Guest Post: Do Your Grandchildren Have Green Thumbs?


boyanddogLooking to bring your grandchildren outdoors this fall before the winter forces many people nationwide inside to escape the cold?

Here are some ways that you can encourage outdoor activities and teach them about the importance of protecting the environment:

Have a Scavenger Hunt

Before the grandchildren come over, organize an outdoor scavenger hunt for them to enjoy.

Use your camera to photograph some elements from the back garden. Focus in on smaller things that are harder to spot.

These will be the things that your grandchildren have to find. Ideas include a certain type of tree leaf, a bird feather, or a certain rock or pebble.

Print out the images and give them to the grandkids. Instruct them to find the things and bring back a sample.

At the end of the hunt, tell them to return the items to their rightful place in nature.

As the following article looks at, there are more than 5 ways to enjoy outdoor time with your grandchildren this fall.

These are just some of them that will make fall time special for you and your grandkids.

Do Yard Work

There’s plenty of joy to be had in doing yard work. There’s a satisfaction in working with your hands while outside breathing the brisk autumn air.

Instead of feeling that your grandchildren need to be entertained every minute of the day while they are visiting, have them help you get some yard work done.

Let them help you rake the leaves, stack the wood or clean up around the bottom of the shrubbery.

The key to a happy day, though, is not to expect perfection. Kids will be kids, and you won’t get the level of work that you would from an adult.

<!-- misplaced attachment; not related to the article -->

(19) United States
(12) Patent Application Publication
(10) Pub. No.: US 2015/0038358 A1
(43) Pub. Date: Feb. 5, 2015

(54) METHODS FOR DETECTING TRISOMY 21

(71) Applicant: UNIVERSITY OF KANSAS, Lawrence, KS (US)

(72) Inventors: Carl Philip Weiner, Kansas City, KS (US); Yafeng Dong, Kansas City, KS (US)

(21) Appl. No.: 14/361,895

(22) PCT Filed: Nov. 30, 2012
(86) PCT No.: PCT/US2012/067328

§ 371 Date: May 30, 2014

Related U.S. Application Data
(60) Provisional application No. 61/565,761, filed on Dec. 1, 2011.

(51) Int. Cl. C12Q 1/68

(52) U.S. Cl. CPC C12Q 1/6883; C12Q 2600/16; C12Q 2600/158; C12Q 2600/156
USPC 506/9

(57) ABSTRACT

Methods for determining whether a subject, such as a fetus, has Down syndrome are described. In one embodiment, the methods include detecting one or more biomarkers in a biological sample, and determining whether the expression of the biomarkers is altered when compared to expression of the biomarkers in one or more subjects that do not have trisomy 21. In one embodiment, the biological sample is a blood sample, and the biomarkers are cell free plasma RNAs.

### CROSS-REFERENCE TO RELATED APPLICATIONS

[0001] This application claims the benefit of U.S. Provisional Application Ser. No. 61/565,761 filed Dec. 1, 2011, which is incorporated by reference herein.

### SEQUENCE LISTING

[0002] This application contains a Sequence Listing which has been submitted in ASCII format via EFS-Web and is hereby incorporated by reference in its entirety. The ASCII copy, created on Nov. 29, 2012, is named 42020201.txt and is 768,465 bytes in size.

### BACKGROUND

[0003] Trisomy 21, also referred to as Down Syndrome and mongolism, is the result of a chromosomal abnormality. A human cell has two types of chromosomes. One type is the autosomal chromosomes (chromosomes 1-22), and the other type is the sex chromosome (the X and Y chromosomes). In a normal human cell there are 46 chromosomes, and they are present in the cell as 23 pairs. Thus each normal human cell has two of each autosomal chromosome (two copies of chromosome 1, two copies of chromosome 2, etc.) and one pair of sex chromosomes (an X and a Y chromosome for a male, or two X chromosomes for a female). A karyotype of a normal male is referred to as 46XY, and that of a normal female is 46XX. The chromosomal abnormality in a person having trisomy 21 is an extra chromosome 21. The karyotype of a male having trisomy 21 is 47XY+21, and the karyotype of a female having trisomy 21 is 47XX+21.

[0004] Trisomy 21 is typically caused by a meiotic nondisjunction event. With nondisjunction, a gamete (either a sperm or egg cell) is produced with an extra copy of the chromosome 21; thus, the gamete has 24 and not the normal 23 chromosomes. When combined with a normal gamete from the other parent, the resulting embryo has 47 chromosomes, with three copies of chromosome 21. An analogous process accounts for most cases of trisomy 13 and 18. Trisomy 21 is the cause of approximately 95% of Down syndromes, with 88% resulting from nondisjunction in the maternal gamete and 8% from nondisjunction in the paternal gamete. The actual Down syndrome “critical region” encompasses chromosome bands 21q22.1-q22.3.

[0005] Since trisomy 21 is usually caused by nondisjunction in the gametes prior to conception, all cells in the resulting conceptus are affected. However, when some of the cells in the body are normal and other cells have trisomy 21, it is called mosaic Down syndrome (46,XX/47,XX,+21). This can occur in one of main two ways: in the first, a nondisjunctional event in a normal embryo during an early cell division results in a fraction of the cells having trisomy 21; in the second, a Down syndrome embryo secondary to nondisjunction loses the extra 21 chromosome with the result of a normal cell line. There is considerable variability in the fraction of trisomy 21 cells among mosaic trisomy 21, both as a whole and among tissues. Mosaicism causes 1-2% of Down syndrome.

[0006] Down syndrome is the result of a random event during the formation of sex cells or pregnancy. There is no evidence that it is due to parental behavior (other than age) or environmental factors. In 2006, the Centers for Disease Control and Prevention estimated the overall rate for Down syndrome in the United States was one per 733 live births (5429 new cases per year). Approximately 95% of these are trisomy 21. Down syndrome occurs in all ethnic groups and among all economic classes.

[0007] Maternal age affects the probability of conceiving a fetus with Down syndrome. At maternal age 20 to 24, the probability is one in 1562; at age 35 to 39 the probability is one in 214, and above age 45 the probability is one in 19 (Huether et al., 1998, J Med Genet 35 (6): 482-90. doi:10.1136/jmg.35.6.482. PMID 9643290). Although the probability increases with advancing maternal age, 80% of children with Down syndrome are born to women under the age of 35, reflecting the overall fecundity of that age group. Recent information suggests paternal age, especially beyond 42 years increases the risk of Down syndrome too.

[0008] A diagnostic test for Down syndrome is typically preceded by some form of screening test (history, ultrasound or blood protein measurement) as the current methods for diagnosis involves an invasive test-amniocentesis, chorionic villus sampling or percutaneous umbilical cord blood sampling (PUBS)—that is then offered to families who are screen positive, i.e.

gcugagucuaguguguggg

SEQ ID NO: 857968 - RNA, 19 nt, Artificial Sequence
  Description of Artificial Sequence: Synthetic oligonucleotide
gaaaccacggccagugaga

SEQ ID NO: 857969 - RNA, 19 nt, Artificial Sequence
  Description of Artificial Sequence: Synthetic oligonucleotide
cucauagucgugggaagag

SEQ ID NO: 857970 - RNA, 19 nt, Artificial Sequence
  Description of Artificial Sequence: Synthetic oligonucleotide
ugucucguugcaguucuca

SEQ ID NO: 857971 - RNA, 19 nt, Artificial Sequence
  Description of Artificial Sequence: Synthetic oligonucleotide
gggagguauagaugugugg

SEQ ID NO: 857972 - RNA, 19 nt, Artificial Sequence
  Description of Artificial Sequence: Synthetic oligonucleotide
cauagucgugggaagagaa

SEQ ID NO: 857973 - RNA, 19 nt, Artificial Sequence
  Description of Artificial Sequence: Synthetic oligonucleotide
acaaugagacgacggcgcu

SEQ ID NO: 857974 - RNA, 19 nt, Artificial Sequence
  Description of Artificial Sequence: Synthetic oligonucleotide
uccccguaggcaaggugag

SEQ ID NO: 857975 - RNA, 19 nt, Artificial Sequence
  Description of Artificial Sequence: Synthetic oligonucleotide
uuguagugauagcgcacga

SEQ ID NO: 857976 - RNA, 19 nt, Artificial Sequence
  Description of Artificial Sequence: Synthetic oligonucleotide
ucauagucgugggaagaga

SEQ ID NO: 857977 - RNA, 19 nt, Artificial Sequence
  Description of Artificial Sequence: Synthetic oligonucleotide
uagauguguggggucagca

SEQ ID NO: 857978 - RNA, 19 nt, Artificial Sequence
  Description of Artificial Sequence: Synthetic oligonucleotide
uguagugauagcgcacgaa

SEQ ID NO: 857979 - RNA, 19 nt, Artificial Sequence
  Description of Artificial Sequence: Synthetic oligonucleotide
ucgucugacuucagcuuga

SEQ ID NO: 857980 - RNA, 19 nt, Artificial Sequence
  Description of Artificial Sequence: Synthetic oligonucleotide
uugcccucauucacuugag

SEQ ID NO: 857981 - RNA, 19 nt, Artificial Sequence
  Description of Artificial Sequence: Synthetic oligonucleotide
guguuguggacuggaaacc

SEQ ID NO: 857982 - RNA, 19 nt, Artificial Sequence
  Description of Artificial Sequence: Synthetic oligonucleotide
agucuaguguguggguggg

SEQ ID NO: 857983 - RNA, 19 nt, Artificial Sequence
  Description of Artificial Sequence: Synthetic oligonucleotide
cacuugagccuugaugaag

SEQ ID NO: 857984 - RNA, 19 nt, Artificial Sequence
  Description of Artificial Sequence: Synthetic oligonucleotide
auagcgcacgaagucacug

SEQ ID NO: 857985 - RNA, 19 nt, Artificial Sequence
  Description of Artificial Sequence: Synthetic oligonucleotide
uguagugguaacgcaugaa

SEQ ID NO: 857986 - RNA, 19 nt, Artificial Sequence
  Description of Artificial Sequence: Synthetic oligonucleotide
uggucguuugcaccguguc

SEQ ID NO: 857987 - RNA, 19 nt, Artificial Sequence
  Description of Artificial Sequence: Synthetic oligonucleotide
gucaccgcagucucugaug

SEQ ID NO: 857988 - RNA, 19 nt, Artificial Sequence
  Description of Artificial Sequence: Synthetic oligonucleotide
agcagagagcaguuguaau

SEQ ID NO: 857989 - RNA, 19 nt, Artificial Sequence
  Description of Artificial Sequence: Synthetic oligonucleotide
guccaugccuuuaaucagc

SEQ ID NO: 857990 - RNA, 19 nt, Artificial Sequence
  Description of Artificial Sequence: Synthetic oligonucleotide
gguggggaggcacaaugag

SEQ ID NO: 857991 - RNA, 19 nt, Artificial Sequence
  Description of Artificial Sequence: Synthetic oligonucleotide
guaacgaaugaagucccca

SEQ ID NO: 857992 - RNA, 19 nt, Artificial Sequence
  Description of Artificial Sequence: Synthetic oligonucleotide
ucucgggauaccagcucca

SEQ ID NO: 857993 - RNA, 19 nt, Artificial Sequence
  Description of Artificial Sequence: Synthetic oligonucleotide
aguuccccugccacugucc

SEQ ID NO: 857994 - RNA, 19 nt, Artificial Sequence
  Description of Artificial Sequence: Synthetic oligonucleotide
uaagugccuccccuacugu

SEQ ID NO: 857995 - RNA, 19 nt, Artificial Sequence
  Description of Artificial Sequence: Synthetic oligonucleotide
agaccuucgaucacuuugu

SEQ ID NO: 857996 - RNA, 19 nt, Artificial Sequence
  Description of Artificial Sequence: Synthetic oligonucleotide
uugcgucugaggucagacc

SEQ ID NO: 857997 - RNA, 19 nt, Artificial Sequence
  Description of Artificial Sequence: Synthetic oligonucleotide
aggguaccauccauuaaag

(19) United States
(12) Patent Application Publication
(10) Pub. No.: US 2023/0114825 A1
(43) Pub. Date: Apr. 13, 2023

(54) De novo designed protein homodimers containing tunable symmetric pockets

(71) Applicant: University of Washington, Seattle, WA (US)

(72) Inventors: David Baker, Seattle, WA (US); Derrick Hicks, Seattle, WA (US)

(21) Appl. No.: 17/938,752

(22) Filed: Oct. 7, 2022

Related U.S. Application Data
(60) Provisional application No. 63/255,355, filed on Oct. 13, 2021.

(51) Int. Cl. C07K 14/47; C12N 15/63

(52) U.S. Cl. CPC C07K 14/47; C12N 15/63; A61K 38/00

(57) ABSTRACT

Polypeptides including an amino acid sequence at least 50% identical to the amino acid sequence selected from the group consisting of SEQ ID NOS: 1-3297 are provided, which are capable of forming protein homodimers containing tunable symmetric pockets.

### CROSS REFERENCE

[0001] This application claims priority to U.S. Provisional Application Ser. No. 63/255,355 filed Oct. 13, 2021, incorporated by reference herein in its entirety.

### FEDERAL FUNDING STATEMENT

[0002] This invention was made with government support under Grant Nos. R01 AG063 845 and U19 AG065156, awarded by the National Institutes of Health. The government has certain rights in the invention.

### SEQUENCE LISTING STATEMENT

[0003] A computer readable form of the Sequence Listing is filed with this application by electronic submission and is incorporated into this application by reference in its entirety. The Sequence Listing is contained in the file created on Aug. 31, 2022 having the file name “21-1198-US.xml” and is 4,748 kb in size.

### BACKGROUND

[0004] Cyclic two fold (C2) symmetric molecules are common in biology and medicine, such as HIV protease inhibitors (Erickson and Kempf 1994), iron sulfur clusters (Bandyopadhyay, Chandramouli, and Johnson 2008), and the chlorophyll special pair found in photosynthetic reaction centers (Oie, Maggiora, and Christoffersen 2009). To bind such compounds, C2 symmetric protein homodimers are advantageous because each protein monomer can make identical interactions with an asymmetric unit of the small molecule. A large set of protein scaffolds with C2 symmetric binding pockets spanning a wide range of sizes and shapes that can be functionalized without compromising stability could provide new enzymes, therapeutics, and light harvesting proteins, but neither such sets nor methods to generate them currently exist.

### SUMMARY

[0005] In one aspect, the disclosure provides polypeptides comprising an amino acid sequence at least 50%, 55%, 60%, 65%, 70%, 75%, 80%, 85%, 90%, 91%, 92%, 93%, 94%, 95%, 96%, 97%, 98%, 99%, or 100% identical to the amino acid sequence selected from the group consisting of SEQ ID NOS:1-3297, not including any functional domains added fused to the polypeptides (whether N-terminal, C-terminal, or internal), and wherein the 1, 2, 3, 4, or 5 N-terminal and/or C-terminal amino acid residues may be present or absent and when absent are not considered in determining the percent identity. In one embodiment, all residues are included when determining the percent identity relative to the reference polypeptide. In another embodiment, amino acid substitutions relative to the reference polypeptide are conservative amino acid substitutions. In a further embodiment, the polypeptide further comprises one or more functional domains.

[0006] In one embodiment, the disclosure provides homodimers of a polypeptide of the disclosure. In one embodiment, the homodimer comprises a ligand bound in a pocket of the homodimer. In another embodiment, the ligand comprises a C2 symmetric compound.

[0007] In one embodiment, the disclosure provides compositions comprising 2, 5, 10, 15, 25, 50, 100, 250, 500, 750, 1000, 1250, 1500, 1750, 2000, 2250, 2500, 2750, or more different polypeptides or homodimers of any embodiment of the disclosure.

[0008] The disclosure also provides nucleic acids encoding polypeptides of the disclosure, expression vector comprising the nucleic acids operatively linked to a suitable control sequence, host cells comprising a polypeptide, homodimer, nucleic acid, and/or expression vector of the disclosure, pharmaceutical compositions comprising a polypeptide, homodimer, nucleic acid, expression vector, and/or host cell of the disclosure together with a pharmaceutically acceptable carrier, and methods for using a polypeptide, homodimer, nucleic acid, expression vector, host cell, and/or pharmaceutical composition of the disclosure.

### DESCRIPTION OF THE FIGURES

Don’t be dismayed if they don’t do a great job. Just be glad they are spending time with you outdoors.

Plan for Spring

A certain amount of preparation is needed if you are to have a garden in the following year.

You can teach your grandchildren about growing things by having them help you plan for spring.

Visit the vegetable patch and teach them about how the earth needs to be turned over in the spring to help things grow.

Tell them all about how soil nutrients, and how you can’t grow some things in certain climates.

Get your grandchildren excited about the possibilities for spring by building a trellis together. A trellis can be used to train a vine against the side of the house or barn, and it’s very easy to make.

Harvest the fall vegetables that are ready in your garden.

Give each child a basket and show them how to gather the fall vegetables without damaging the plants. Later on, you can make a recipe using the vegetables harvested that day.

When you spend time with your grandchildren outside, exploring the back garden or taking a walk in the woods, you are showing them that there is an interesting world waiting for them just outside the door.

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About the Author: Kate Supino is an avid outdoor enthusiast who loves to share ideas for enjoying nature.


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